Think about the amount of detail that people share online. Most of the 800 million Facebook users fill their profile with the aspects that defines them: relationships, hobbies, jobs, locations, music etc. If you are like most addicted users, you keep your digital persona on Facebook updated just as much (if not more) than you check your crackberries for emails. The main reason why Facebook has thrived is that it understands the overwhelming need for the world to share their lives with other people. Many might disagree, but when 2.5x the population size of the United States join together on a website to share pictures, interests, frustrations, thoughts, and all other parts of their lives – it is hard to ignore anymore.
Facebook has recently announced major changes to their site – changes that the majority of its users do not agree with. There has also been a lot of criticism around the lack of privacy Facebook is implementing into their new site. How would you like it if your best friend decided to just hand over all of the information they have about you to anyone who asked?
But Facebook’s CEO has not backed down on his vision to make social openness the norm. And he will continue to build his vision until he reaches is goal: a seamless online experience.
The majority of Generation Y and Millennials now bank online, pays their bills with a click of a button, completes hundreds of credit card transactions without leaving their bed, and barely think about the potential for lost or stolen personal information. You can now even deposit a check to your bank account over your mobile phone. Millennials are the generation of “now” – things need to be simple, quick, and at their fingertips with minimal effort. And that is exactly what the Gen Y leader of Facebook is striving to accomplish.
Did you know that Facebook now drives more traffic than Google? The web has become more social and people want to be connected to information, trends, news, entertainment, classrooms, retail, and most importantly their friends, colleagues, and loved ones. The only way to achieve this intuitive ability is to steer the world into a more public forum. If businesses you are interested in, friends that you follow, and sites that you visit know a little more about you - your user experience online becomes more customized and personal.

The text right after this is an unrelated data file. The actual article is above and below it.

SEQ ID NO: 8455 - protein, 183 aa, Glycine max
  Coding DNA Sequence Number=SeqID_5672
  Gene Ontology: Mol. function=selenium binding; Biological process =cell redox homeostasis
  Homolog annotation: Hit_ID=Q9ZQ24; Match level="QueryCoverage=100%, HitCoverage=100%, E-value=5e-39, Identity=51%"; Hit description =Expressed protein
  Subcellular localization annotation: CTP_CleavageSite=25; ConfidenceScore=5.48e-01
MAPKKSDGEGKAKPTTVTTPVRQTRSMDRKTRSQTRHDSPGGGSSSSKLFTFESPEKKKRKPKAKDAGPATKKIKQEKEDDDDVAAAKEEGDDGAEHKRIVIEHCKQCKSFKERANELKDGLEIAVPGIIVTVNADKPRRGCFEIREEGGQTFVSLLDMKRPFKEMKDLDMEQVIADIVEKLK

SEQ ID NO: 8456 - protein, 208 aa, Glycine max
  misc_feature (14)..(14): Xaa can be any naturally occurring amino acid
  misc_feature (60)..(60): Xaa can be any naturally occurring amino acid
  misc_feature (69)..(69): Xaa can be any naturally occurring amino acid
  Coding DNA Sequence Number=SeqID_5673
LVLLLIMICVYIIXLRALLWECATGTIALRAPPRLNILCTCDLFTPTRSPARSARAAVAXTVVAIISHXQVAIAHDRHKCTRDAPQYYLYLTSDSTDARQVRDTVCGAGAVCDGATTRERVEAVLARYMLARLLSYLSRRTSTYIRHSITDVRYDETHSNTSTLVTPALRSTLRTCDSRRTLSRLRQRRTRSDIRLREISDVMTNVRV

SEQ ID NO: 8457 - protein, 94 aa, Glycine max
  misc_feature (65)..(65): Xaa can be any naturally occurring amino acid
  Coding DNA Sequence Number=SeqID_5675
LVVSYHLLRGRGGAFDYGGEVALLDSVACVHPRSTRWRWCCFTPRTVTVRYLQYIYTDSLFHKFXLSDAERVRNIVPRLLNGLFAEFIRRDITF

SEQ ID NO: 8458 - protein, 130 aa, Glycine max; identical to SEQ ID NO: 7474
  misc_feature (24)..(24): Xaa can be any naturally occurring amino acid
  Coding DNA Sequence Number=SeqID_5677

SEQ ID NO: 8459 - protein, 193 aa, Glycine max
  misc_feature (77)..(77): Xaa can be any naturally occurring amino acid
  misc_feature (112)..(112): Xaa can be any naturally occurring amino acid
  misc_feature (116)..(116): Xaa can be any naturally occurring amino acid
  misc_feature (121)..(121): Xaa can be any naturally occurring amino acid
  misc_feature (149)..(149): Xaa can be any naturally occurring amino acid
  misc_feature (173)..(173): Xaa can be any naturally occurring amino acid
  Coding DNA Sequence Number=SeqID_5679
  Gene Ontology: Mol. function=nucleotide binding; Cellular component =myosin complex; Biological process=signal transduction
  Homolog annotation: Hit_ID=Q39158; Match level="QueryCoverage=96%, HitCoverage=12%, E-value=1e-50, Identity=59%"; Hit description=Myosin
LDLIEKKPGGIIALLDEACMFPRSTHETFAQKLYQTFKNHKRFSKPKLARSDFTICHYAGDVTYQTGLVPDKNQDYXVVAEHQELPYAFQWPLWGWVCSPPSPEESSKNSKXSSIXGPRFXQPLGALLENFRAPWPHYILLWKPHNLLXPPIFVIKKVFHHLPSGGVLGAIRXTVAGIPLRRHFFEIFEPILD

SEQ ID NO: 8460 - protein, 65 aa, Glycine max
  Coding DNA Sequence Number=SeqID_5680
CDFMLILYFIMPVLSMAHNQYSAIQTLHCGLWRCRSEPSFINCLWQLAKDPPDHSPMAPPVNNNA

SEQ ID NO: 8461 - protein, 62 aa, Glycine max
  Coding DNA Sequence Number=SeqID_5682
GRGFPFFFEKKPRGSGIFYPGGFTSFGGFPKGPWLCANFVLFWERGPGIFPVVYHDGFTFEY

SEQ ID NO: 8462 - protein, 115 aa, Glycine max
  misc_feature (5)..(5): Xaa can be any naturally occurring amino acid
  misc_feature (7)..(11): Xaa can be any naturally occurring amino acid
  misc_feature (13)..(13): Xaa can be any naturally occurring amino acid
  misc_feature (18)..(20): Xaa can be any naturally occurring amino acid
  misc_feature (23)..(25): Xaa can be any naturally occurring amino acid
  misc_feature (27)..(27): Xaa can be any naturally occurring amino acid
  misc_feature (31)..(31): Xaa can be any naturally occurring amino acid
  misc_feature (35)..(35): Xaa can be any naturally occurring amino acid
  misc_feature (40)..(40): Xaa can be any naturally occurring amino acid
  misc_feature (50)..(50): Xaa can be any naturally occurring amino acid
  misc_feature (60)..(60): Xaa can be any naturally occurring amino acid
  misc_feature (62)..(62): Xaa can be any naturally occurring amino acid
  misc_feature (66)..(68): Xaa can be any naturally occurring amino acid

People have really gotten comfortable not only sharing more information and different kinds, but more openly and with more people," he said. "That social norm is just something that has evolved over time.
When I got started in my dorm room at Harvard, the question a lot of people asked was, 'why would I want to put any information on the internet at all? Why would I want to have a website?’
Then in the last 5 or 6 years, blogging has taken off in a huge way, and just all these different services that have people sharing all this information.
As adults, by and large, we think of the home as a very private space … for young people it's not a private space. They have no control over who comes in and out of their room, or who comes in and out of their house. As a result, the online world feels more private because it feels like it has more control. The Age of Privacy is over."
Here is the Golden Rule of Online Privacy: If you don’t want people to know something… Keep it offline!
The article: “Privacy, schmivacy – Gen Y will keep on sharing” pretty much sums it all up.
"There are too many benefits to living with a certain degree of openness for digital natives to 'grow out of it.' Job opportunities, new personal connections, professional collaboration, learning from others' experiences … are all very powerful benefits to engaging openly with others online, and this is something that Gen Y understands intuitively."
The online privacy issue has just started. In 5-10 years, the more in-depth your interests, habits, and online profile… the more personal and intuitive your experience will be across the web.”
Facebook continues to evolve and will continue to polarize opinions for years to come. But one thing we all have to agree - directly or indirectly, it has changed how we all interact every day.